Ottawa city council has approved a plan that could fundamentally change Wellington Street in front of Parliament.

Coun. Catherine McKeneny, whose Somerset ward includes Wellington Street, brought forward a motion Wednesday that includes several provisions for the future of the street, including the possibility of having it become federal jurisdiction and closing it to vehicular traffic.

In the short term, it proposes keeping a section of the street closed to cars for the remainder of the year.

The motion directs staff to report back to the Transportation Committee on the feasibility and cost of implementing a temporary closure of approximately 600 m of Wellington Street between Bank and Elgin streets until the end of 2022. The move would be made in consultation with the federal government, emergency services, and both OC Transpo and the Société de transport de l'Outaouais (STO).

"This has been an ongoing discussion for some time," McKenney told council. "This (motion) doesn't commit us to anything but it does ask staff to consider what a temporary closure would look like."

The plan would be subject to review at the first Transportation Committee meeting in the new Term of Council following the Oct. 24 municipal election.

Wellington Street remains closed to all but parliamentary workers at this time, though for how much longer is unclear following the revocation of the federal Emergencies Act Wednesday.


McKenney's motion also includes direction to begin discussion to possibly transfer Wellington Street into federal ownership.

Ottawa Mayor Jim Watson told reporters Wednesday that Wellington Street is municipal property that cuts through a federal district.

"It really is a dividing line between the parliamentary precinct and the Parliament buildings," he said. "On the other side of the street you have the PMO, the Wellington Building, the Victoria Building, and you've got the Senate chamber itself. It is a strange situation that I think should be looked at to rectify, because you've got federal jurisdiction on the right-hand side and on the left-hand side and in the middle is a municipal street."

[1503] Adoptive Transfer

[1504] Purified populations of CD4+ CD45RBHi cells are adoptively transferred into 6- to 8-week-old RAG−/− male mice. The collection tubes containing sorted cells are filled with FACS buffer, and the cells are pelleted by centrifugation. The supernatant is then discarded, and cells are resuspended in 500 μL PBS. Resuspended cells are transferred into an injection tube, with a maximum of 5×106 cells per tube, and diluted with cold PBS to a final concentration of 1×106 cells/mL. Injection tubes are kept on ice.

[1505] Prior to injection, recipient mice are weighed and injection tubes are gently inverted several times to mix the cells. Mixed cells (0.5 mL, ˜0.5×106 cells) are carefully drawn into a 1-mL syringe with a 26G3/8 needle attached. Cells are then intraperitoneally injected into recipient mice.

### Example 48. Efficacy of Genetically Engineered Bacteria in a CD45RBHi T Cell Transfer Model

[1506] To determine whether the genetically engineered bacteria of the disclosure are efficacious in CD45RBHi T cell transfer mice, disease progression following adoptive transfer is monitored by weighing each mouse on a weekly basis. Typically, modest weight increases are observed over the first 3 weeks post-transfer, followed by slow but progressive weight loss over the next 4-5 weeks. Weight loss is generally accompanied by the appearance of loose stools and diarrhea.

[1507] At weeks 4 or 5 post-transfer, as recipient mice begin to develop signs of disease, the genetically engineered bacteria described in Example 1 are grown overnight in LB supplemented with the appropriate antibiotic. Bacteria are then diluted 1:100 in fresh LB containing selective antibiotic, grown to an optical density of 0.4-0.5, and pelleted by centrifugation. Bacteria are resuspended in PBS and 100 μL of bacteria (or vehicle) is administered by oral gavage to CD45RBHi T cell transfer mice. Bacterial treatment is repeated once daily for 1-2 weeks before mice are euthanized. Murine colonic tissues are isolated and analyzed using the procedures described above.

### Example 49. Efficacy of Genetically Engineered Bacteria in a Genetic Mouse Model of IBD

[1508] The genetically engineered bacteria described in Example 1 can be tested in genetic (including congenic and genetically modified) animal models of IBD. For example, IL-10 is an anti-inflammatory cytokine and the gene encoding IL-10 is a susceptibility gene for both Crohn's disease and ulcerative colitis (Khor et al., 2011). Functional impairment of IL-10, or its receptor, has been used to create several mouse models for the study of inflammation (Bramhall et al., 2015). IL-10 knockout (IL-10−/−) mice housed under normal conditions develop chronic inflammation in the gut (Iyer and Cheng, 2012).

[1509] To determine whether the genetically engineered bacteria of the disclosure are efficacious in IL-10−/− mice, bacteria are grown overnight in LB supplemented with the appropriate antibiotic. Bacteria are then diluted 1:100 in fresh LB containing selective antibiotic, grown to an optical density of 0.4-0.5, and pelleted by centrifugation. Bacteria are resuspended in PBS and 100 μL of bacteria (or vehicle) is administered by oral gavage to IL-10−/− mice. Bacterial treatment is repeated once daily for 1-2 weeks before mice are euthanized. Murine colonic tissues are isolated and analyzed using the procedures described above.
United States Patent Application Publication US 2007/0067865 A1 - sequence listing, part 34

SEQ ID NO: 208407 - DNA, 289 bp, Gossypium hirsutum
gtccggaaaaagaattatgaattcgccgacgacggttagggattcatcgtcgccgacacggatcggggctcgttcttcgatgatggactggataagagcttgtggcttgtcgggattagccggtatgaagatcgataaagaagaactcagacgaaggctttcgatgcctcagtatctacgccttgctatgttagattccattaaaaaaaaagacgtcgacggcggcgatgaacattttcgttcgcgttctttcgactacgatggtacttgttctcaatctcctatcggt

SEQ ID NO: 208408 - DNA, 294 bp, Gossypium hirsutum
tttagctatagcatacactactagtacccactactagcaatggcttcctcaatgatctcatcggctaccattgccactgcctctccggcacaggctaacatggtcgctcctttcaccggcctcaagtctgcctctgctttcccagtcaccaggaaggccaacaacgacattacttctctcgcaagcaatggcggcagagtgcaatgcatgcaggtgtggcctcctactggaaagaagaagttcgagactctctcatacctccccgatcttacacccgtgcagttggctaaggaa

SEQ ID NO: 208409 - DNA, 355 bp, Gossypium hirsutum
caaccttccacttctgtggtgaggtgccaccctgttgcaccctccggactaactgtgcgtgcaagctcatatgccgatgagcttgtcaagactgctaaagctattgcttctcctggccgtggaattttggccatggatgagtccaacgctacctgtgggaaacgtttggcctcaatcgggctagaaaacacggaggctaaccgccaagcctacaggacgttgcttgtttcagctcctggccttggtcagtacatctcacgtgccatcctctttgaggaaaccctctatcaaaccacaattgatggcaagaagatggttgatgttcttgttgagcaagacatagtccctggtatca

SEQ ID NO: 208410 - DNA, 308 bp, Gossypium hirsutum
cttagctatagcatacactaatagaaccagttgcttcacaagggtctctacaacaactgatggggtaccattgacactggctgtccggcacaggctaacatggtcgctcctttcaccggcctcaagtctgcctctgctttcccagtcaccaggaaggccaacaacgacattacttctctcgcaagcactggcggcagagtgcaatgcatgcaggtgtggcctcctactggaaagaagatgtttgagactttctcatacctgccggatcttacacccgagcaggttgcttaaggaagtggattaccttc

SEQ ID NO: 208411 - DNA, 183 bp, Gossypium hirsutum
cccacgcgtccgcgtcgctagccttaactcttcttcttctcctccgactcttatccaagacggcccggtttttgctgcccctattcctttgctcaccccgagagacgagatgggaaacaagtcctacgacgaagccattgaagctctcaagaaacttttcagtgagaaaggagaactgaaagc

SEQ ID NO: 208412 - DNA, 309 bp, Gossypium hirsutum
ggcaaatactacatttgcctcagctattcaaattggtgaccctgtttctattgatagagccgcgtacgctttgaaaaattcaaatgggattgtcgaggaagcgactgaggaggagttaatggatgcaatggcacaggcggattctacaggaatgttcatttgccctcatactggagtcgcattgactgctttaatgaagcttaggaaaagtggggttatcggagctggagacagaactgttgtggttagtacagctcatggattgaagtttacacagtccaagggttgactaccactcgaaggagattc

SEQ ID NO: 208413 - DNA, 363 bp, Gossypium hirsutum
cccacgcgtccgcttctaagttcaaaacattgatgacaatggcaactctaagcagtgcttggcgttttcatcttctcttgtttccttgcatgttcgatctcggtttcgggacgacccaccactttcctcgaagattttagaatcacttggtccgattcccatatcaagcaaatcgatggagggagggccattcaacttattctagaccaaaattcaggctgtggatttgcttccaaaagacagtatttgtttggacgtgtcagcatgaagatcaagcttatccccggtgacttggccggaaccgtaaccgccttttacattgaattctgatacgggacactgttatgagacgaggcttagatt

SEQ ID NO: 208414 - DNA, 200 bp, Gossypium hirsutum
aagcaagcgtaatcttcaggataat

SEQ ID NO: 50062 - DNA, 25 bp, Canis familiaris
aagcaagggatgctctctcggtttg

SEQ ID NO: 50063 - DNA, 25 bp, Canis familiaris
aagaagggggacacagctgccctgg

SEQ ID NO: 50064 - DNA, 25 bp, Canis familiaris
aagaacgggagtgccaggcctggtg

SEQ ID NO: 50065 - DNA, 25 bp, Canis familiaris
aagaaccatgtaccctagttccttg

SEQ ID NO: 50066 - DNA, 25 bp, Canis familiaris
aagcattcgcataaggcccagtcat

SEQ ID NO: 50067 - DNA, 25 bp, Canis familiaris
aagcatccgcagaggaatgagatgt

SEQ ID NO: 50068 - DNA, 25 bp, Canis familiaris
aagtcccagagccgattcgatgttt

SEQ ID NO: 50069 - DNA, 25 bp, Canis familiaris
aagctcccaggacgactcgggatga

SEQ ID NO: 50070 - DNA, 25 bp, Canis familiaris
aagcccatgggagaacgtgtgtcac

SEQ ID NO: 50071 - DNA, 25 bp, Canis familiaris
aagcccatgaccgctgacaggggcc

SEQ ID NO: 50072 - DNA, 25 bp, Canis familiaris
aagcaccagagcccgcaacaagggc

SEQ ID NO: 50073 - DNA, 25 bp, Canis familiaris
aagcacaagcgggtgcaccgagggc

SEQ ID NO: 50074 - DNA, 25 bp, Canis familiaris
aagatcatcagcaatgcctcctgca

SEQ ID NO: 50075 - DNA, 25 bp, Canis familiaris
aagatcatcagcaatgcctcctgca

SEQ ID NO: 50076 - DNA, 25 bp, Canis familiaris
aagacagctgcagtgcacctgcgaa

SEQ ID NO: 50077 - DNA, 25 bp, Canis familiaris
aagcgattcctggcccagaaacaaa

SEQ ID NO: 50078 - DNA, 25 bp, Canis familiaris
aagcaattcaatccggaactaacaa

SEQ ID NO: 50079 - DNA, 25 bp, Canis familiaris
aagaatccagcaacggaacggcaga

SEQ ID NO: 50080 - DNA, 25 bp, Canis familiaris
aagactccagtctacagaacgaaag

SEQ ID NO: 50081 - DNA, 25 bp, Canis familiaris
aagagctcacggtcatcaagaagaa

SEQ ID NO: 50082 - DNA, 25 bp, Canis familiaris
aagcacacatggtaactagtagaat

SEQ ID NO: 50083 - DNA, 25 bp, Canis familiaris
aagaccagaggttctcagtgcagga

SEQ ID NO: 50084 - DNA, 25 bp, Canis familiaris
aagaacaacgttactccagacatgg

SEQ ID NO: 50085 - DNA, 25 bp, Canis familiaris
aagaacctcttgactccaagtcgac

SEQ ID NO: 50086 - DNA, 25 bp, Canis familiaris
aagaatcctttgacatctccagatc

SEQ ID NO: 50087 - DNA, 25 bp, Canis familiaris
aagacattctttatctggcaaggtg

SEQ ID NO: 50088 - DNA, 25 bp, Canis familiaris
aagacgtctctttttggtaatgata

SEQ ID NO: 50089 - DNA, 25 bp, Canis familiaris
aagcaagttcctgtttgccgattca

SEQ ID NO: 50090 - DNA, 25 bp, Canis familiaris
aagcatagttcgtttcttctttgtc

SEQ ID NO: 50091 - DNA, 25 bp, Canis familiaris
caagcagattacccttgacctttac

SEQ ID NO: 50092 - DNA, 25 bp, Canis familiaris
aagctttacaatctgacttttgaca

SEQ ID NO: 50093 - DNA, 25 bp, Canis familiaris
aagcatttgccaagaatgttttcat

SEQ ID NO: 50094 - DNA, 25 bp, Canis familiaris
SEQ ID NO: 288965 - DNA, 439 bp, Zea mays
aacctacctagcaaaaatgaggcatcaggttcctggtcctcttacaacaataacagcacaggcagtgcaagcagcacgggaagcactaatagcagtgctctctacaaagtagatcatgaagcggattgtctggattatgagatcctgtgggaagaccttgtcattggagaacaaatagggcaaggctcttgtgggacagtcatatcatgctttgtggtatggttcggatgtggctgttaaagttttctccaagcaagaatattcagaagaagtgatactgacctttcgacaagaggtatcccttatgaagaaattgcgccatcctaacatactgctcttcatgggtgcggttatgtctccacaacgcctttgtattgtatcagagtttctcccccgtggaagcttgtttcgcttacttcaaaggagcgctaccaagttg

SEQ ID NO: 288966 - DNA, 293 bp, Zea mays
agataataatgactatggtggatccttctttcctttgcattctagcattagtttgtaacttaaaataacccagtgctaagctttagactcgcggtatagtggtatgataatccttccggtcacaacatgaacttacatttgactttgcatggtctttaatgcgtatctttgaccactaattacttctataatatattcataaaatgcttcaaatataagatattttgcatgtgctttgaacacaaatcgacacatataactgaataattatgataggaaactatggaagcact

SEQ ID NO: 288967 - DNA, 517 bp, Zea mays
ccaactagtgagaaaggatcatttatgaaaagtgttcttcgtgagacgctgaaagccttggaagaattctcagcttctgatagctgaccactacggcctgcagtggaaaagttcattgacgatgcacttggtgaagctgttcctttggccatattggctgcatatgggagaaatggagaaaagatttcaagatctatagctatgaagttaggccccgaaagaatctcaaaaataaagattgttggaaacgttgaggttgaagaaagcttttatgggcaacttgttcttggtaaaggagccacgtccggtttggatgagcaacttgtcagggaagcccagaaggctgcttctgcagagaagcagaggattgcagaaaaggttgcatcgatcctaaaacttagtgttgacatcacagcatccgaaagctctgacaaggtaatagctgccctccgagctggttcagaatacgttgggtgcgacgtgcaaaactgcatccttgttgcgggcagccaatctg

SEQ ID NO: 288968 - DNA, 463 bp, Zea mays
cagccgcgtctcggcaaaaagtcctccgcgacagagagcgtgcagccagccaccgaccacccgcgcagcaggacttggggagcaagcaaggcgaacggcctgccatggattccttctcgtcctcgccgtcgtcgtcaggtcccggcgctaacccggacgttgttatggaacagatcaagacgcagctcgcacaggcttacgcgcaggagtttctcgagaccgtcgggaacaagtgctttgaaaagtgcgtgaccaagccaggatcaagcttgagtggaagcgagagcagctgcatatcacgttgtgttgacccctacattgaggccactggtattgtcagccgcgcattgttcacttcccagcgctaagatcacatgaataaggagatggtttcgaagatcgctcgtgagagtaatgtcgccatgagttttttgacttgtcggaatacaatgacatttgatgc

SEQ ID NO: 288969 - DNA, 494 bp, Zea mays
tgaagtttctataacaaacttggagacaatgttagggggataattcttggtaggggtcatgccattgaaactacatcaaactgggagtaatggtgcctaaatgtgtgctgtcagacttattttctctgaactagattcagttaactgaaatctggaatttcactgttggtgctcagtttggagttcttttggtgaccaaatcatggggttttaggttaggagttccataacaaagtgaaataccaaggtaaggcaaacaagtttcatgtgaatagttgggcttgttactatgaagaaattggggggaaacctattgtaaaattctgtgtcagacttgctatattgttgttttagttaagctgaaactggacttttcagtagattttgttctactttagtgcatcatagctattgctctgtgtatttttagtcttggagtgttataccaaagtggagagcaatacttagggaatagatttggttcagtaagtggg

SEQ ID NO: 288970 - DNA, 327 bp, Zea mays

Watson suggested uploading Wellington Street to the federal government could save the city some costs, such as on snow removal, though he expects local ploughs would be contracted to clear it. He also said it's possible the federal government may want to download a federal street onto the municipality in exchange.

The idea of making Wellington Street federal property has support, including from a former board member of the National Capital Commission (NCC).

"Let's convert this into a pedestrian mall where people can gather, where they can protest as need be, where they can be at the foot of Parliament Hill, walking, cycling," Bob Plamondon told CTV News Ottawa earlier this week. "Let's take something that’s really been horrific and really devastating for people of the city of Ottawa, and I think for the people of the country, and turn it into something that is far more positive that we can all get behind."

Putting an STO tram down Wellington Street is also a proposed plan in the expansion of Gatineau's transit service.

Running the tram along Wellington Street is one of two options the STO has proposed. The other is a tunnel under Sparks Street. While a survey in the summer of 2020 found a majority of residents in Ottawa and Gatineau preferred the tunnel option, the NCC said it was in favour of a street-level tram on Wellington.

Watson said he had no desire to see Wellington Street "turn into Fort Knox" and become inaccessible to Canadians, but he did believe the backdrop of Parliament was a "prize" for the protesters.

"The lesson we learned from the occupation by the truckers is that we are vulnerable as a city and a society to these kinds of attacks," Watson said. "We have to make sure on a go-forward basis that something like this doesn’t happen again."